Then the insurance guys show up… to tell your widow that seven years ago you defaulted on that one payment so your insurance was cancelled and you won’t get paid… that’s why babies pop out bawling because they know that life is effed…
The home truths hit me hard. How we struggle to pay EMIs on the car, the home, an education loan, sudden expenses during wedding seasons and yes, illnesses.
Medical insurance: Not optional any more
Sunny’s grandpa, simply called Nanu, is played by yesteryear’s star Amol Palekar. In the show we see that Nanu is suffering from dementia and will need surgery. The hospital staff asks Yasir chachu and Sunny if grandpa has health insurance. Sunny shakes his head in regret.
Health insurance is so important to get a foot in the door for surgeries. If not all, insurance pays part of the expenses that happen suddenly. It’s a good thing to have. In fact, with so many options available to us, we should see which health insurance suits us best.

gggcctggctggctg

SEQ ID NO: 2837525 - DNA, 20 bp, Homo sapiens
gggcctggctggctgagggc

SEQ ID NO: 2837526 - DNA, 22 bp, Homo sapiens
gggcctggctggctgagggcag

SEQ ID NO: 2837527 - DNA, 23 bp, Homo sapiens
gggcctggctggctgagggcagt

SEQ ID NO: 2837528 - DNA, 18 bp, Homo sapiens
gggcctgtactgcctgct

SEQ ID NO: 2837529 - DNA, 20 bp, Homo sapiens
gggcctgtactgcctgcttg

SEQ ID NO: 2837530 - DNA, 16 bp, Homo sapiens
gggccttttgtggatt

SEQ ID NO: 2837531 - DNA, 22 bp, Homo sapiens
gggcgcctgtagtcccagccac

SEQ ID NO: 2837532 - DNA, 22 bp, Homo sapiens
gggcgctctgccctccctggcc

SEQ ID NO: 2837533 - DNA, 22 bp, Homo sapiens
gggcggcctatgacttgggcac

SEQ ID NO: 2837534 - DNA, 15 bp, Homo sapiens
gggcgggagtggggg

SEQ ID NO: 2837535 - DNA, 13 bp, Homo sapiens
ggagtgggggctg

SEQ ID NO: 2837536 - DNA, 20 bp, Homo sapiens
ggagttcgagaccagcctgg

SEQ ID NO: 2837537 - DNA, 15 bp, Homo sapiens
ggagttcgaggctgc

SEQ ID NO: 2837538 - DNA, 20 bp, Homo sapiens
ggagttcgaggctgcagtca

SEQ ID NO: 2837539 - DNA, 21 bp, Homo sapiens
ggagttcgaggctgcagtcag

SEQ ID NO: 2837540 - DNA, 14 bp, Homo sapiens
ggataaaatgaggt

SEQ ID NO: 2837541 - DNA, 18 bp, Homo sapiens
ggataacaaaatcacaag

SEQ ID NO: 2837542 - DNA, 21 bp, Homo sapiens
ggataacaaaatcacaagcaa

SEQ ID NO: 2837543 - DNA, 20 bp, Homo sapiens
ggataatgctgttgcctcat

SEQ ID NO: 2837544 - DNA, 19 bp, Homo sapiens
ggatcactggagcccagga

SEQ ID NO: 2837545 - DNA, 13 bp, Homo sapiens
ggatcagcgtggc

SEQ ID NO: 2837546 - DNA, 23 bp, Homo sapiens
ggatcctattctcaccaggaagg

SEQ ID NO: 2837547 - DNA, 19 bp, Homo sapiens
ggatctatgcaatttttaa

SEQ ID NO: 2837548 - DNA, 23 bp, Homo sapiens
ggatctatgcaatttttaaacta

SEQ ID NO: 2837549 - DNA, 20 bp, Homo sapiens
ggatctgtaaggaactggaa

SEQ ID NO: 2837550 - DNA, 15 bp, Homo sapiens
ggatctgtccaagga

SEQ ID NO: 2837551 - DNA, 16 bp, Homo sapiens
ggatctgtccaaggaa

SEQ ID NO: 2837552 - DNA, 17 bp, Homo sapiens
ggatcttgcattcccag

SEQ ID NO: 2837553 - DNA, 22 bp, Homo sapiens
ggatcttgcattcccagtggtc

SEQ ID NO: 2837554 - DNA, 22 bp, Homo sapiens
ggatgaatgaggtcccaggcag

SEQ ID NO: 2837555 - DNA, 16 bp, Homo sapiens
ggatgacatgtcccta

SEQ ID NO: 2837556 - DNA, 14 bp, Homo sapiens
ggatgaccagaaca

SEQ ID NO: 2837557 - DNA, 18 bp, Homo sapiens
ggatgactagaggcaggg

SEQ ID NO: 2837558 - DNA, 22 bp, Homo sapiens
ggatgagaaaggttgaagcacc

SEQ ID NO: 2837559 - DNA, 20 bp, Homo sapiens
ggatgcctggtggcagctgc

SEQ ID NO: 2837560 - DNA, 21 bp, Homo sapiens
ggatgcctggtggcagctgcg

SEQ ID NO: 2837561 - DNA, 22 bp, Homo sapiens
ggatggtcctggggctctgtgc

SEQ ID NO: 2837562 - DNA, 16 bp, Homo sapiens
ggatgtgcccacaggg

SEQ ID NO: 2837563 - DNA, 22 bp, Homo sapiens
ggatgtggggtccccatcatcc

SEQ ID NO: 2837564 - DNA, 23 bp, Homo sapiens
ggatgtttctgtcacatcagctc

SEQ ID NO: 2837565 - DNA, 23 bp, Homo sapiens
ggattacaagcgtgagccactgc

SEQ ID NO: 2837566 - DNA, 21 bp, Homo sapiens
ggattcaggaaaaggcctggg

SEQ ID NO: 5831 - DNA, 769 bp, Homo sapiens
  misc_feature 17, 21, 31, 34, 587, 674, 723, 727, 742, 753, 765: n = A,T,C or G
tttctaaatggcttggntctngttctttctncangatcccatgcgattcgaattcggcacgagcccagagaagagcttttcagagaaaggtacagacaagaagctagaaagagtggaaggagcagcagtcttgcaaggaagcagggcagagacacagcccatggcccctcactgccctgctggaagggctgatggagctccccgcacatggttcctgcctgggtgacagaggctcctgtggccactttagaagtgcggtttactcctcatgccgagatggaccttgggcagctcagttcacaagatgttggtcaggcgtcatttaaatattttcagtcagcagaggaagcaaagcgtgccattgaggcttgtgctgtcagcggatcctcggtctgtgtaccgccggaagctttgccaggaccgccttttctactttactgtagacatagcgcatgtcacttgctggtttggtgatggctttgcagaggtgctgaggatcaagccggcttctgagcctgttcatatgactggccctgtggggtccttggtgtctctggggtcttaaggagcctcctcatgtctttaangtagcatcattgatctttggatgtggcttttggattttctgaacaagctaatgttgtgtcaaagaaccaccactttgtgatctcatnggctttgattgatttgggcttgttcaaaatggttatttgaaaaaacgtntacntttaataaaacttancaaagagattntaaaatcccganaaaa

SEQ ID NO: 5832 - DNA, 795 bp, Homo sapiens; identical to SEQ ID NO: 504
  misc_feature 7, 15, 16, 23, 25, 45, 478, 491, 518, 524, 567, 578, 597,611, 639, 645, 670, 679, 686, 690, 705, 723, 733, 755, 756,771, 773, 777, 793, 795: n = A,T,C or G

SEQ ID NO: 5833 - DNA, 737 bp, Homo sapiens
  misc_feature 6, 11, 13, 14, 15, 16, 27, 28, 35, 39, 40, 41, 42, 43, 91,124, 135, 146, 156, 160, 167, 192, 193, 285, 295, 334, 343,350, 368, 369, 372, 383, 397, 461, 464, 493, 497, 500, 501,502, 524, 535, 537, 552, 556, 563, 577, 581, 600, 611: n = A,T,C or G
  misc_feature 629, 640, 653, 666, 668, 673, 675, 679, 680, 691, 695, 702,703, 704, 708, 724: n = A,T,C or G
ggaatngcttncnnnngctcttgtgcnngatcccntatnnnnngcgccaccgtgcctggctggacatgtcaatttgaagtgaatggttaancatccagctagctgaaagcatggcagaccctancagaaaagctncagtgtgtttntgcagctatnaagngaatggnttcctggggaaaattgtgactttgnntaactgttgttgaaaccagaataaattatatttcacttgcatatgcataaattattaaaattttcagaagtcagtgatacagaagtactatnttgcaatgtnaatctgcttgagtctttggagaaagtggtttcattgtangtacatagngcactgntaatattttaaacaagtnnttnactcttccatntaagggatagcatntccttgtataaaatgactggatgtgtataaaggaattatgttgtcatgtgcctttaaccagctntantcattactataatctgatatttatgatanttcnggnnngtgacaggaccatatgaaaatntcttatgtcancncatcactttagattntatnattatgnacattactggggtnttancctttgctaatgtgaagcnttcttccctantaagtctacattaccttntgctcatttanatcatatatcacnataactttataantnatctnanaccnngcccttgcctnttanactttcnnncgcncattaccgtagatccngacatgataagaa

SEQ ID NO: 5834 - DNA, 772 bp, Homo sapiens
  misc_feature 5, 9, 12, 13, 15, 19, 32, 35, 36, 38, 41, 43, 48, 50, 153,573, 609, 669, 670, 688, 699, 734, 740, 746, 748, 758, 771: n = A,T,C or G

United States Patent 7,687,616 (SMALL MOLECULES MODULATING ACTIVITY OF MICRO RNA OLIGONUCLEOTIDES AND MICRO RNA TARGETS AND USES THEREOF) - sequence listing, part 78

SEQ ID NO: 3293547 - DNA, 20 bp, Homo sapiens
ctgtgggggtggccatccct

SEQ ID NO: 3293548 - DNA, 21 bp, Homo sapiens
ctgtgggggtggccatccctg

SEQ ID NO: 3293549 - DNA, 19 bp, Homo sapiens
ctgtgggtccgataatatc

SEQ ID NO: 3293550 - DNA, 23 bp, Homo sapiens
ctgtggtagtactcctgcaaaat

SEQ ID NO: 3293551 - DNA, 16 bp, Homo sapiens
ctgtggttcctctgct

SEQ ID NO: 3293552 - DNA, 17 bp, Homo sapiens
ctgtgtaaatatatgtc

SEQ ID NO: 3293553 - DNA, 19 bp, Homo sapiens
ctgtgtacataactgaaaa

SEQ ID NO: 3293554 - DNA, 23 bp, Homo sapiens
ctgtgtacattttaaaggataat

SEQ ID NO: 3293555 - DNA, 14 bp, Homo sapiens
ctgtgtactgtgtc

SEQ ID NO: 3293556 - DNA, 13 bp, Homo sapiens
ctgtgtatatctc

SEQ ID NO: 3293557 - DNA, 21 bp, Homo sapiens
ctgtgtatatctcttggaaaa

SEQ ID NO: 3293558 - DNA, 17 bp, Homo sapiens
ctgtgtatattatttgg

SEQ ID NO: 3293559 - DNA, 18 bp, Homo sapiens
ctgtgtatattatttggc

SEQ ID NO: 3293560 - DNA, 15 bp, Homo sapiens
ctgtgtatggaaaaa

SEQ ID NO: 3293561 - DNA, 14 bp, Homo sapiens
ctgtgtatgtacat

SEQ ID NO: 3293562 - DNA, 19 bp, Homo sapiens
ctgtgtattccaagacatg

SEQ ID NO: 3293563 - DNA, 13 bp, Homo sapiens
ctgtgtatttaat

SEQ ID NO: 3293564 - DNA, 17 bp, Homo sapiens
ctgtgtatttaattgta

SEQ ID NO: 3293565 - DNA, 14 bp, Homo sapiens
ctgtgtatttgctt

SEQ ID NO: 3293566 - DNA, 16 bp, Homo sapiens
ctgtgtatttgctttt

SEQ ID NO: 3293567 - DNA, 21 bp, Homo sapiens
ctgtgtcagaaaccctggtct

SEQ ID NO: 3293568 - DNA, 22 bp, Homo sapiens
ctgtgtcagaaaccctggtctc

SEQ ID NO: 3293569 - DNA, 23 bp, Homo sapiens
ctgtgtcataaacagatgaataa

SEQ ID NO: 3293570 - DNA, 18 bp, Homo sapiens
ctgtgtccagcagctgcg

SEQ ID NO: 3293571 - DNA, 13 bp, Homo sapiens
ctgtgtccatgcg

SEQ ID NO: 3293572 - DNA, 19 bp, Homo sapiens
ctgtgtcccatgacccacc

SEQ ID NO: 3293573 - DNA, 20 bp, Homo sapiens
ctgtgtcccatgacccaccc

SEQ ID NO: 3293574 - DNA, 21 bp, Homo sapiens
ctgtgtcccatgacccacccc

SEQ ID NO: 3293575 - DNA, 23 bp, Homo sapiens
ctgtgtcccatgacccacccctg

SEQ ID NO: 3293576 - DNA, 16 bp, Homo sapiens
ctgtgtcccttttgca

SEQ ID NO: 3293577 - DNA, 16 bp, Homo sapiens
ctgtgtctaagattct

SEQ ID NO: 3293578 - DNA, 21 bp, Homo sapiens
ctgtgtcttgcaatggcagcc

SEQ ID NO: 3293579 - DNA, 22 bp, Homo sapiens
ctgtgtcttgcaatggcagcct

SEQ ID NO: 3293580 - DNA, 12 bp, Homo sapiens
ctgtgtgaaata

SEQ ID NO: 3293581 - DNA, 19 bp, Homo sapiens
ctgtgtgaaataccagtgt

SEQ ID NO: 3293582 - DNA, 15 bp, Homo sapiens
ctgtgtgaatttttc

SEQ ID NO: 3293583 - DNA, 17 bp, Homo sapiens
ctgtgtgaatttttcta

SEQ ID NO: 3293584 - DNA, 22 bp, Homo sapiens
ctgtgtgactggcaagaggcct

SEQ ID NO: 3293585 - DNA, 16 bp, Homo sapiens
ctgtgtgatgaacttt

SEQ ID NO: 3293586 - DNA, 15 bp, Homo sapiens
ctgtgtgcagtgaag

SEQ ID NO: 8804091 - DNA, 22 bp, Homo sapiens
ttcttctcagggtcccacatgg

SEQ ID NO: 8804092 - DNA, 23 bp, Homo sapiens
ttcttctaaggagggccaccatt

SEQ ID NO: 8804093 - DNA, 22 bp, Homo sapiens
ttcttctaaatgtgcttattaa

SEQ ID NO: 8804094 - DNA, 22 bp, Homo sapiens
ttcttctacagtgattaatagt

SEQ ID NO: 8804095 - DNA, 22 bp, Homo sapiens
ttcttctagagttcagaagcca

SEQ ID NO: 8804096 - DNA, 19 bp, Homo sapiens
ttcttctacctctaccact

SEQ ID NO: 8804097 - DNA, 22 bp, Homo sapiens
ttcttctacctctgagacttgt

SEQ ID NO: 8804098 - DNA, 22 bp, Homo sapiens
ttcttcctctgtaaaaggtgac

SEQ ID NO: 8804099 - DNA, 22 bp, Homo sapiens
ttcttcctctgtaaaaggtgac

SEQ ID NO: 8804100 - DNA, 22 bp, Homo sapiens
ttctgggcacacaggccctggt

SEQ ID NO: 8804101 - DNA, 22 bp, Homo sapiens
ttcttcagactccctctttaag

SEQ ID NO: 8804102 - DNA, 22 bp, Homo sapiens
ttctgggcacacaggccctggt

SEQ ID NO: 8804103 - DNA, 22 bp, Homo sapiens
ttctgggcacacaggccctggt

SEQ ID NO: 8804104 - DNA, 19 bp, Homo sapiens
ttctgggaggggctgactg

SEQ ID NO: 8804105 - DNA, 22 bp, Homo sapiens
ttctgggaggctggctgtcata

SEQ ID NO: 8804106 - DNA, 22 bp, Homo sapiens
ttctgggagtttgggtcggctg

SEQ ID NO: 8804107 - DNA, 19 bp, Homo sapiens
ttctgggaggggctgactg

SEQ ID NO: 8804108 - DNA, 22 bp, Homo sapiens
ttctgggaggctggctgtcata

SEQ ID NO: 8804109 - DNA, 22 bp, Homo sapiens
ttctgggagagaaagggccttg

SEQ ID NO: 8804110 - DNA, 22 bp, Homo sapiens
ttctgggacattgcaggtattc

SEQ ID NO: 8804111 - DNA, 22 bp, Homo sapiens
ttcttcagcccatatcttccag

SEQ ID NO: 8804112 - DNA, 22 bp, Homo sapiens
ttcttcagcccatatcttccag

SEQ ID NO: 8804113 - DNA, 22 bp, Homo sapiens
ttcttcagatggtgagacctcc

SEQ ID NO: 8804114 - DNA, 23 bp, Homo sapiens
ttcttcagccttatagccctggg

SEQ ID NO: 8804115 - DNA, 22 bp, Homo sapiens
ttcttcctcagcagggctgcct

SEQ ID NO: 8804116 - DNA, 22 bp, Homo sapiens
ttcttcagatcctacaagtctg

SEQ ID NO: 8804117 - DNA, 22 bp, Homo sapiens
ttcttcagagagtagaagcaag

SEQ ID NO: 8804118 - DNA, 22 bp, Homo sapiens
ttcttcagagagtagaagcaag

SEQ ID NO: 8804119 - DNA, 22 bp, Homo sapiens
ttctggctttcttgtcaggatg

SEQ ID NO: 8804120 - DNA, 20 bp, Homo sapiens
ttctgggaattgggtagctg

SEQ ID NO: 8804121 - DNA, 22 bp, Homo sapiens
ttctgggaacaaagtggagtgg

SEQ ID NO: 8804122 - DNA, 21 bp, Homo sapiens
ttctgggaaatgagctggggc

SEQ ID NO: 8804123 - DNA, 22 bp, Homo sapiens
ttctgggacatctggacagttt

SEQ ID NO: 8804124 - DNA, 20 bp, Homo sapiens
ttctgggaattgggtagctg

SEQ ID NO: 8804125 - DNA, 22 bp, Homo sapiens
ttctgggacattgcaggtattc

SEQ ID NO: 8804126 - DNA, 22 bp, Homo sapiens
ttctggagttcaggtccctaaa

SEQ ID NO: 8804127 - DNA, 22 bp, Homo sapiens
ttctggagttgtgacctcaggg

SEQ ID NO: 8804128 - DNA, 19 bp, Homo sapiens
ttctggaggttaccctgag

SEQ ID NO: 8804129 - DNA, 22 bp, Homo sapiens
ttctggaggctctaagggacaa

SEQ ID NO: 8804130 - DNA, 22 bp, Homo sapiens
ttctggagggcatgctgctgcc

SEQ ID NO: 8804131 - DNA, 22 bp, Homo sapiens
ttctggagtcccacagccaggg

Loans: Not meant to be defaulted
Before Nanu’s health scare can be taken care of, Sunny and Firoz have to rack their brains and come up with the money to repay the loans Nanu has taken from Ratan Lal and Associates who have suddenly thrown an ultimatum: return all the money within a month, or else they will have to lose the beloved press where they print the Kranti newspaper.
Nanu calls on people who owe him money, but gets no help. Sunny and Firoze try to reason with the moneylender (who seems to have lots of cash) but he doesn’t relent. Moneylenders tend to withdraw their loan whenever it suits them, and if you have taken a loan from them, you lose everything. Nanu’s newspaper, his press is his life’s work. Losing that would mean job loss for the men who have worked there all their lives…